James Anderson writes from Tripoli: Leave this city at your own peril. This is the new unwritten law in the ever changing panorama of Libya that has moved from the dictatorship of Muammar Gaddafi to something even more gruesome: a lawless country that is ruled by the men of the gun. A sort of a Wild West but in North Africa.
Benghazi is the seat of the Libyan provisional government. But it’s not clear how far its remit extends beyond that city. The British ambassador needed a convoy and armed guards to travel from Benghazi. Rebels attacked the convoy but the ambassador escaped unscathed. What was the armed group trying to prove? Did they have an objective beyond targeting a symbol of Western influence?
An even more interesting incident is the saga surrounding Saif Gaddafi, one of the sons of the former dictator. The International Criminal Court (ICC) would like to transfer him from Libya to The Hague to stand trial for war crimes. So it sent a mission to Zintan to collect him. The local revolutionary council had captured him and wished to try him locally. He is their prize asset. When they arrived they were arrested. An Australian lawyer, Melinda Taylor, was to discuss with Gaddafi the appointment of defence counsel to represent him in The Hague. The first problem was that the revolutionary council in Zintan does not recognise the authority of the ICC nor, for that matter, the provisional government in Benghazi. So Miss Taylor and her companions have been placed in preventive detention for 45 days while investigations are conducted to determine whether they are spies or not. Miss Taylor is accused of carrying a letter to Gaddafi from the former dictator’s right hand man. She also had a suspicious pen and concealed camera. There is no way, of course, of independently verifying these charges. An ICC mission on a spying mission?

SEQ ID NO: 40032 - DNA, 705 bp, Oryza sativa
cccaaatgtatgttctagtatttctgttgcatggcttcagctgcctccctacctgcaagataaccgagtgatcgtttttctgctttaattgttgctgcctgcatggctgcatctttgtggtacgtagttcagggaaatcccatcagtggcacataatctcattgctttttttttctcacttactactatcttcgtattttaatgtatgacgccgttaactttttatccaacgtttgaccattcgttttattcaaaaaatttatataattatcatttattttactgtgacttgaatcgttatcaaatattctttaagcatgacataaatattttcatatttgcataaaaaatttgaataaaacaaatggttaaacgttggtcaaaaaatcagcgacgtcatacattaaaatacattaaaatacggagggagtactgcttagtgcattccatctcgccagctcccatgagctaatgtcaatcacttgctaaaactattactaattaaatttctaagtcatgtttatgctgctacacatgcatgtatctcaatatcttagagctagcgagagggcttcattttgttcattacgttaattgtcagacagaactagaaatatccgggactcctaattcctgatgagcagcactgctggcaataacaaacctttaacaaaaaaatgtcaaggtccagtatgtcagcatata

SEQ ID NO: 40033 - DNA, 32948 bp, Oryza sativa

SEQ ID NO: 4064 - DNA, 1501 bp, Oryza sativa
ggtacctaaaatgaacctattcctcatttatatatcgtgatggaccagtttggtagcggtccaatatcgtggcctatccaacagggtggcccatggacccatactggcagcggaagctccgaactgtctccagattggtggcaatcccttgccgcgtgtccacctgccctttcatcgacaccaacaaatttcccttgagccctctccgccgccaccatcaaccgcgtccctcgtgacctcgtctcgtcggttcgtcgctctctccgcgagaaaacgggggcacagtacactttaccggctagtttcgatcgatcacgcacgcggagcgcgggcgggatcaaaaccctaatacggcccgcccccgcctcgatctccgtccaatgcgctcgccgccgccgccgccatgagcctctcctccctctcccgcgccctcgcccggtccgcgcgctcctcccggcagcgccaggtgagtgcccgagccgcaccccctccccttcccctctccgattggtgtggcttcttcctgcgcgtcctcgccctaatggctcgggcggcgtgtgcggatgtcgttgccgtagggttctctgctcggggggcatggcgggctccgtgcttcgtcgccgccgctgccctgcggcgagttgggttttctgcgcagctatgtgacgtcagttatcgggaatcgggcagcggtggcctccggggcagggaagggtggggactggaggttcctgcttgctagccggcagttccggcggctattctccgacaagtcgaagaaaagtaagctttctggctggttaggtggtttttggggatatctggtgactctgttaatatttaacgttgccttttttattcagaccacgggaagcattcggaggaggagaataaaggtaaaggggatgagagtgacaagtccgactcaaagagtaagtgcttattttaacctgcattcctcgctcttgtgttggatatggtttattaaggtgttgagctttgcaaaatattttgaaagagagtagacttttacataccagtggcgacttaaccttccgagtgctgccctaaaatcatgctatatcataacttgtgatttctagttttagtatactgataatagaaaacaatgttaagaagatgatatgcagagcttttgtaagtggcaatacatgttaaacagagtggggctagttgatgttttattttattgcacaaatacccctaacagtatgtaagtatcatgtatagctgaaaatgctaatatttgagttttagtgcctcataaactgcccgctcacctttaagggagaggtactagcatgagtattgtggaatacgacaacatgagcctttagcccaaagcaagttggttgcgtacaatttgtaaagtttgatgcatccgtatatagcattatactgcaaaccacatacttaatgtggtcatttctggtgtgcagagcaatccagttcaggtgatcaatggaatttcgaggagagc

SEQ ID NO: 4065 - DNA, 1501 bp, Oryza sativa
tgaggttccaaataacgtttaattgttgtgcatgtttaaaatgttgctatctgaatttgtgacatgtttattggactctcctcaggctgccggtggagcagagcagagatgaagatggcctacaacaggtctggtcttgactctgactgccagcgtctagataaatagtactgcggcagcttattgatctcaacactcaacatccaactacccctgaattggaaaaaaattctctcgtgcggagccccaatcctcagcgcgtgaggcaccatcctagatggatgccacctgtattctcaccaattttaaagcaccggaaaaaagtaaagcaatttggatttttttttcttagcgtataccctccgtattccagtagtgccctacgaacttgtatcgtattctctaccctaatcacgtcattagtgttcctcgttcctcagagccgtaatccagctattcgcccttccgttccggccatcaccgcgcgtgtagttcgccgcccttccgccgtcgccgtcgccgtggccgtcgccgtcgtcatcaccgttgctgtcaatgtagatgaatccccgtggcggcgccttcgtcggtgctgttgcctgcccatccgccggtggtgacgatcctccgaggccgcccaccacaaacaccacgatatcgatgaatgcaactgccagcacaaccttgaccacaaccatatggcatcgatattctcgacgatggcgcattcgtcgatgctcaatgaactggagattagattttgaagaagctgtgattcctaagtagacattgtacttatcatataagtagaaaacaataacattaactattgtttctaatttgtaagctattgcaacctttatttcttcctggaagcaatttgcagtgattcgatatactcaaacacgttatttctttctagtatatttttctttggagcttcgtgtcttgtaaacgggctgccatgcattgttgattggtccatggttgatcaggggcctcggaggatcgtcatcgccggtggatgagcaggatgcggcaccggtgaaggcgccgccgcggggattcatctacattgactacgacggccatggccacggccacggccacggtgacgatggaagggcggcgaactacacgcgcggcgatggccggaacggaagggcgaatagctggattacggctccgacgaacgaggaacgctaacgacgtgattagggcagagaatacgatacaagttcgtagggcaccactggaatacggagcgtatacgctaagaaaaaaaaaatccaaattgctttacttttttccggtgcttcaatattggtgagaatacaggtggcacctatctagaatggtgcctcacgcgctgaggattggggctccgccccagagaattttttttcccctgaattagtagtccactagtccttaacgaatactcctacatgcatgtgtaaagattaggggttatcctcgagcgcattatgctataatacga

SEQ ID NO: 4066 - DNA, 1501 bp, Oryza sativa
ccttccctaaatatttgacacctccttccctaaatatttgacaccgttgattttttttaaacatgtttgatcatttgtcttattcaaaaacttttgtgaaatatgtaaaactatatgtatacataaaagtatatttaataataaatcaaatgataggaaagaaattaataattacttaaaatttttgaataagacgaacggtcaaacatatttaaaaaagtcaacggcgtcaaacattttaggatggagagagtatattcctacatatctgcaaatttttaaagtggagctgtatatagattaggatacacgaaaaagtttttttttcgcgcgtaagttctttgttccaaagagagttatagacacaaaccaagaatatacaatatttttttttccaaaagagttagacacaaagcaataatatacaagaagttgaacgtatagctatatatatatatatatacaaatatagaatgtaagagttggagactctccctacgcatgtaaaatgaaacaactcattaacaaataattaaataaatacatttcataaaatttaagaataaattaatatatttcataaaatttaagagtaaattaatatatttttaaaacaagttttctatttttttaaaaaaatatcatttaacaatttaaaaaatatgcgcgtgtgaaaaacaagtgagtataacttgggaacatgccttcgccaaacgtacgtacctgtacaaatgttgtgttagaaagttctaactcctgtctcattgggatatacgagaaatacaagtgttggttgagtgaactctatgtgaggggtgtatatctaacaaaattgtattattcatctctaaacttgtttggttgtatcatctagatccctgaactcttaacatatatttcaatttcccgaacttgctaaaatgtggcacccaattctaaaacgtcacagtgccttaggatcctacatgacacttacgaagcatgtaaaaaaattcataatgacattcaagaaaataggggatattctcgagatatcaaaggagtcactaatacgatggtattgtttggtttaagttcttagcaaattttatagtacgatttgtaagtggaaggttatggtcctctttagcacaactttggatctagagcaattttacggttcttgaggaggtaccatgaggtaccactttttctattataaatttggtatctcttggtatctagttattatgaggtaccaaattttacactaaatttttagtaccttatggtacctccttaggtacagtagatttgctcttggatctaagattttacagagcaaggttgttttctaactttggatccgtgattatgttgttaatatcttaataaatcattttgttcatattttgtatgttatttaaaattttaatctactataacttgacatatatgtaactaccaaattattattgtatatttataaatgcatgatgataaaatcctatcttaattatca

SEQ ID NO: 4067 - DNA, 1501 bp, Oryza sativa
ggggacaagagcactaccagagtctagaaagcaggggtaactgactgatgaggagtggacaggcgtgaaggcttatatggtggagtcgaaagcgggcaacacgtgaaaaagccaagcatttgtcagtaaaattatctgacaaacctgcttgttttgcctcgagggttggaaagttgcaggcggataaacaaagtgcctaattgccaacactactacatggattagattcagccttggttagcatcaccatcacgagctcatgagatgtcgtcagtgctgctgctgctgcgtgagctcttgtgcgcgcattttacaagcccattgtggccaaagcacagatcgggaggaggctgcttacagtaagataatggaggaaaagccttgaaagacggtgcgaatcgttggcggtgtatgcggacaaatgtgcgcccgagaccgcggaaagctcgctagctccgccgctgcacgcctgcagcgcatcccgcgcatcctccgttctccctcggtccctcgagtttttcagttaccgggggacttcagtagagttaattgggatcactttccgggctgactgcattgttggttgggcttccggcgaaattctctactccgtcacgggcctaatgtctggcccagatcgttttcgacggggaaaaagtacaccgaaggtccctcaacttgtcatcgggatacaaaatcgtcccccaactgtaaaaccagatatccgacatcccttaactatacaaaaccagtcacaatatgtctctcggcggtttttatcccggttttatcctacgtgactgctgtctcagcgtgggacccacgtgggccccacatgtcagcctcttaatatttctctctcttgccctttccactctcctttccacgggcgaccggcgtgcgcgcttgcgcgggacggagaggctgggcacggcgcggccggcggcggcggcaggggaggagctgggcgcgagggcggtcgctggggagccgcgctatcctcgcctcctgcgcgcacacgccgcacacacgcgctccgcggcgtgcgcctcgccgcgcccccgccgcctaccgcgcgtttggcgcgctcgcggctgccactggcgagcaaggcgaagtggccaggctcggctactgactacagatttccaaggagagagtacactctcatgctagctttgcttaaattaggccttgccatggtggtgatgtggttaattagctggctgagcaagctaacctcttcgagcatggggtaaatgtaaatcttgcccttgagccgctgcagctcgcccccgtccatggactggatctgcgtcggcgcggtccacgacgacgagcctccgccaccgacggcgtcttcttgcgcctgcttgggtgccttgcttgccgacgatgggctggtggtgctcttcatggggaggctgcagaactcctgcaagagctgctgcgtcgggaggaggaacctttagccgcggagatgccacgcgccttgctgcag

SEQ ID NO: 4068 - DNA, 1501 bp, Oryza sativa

The level of distrust between Benghazi and Zintan is so great that the revolutionary council suspects that if Gaddafi were taken under armed guard to the provisional capital, he would be permitted to escape. There is no point in the ICC saying that he would be taken to The Hague for trial. That cuts no ice in Zintan.
So what do these shenanigans tell us about present day Libya? The optimists point out that after decades of dictatorship, new institutions have not yet had time to form and take root. The country is a mishmash of rival militias and tribes fighting for influence. The provisional government has been attempting to gather all the militias into a regular Libyan army. Clearly there is a lot of work to be done. A general election has been promised for some time and the latest news is that it will take place next month. However how are Libyans to decide who to vote for? Parties and candidates are almost unknown to the vast majority of citizens. However, the optimists do have a point. One has to start somewhere in the struggle to build a new Libya. An imperfect parliament is better than none at all.
The pessimists say that Libya’s best hope is a federation of its various regions. A weak central government is inevitable.And that does not bode well.
The only bright note is the oil and gas potential of the country. The distribution of this wealth will require delicate negotiations. Militias may resort to violence if they perceive that their people are being unfairly treated. So folks, don’t choose Libya for your summer holidays for the next 100 years at least. Let the locals first decide who’s in charge. And while the Western media is keeping a modest silence about the chaos in the new democratic Libya I have one question: another no fly zone anyone?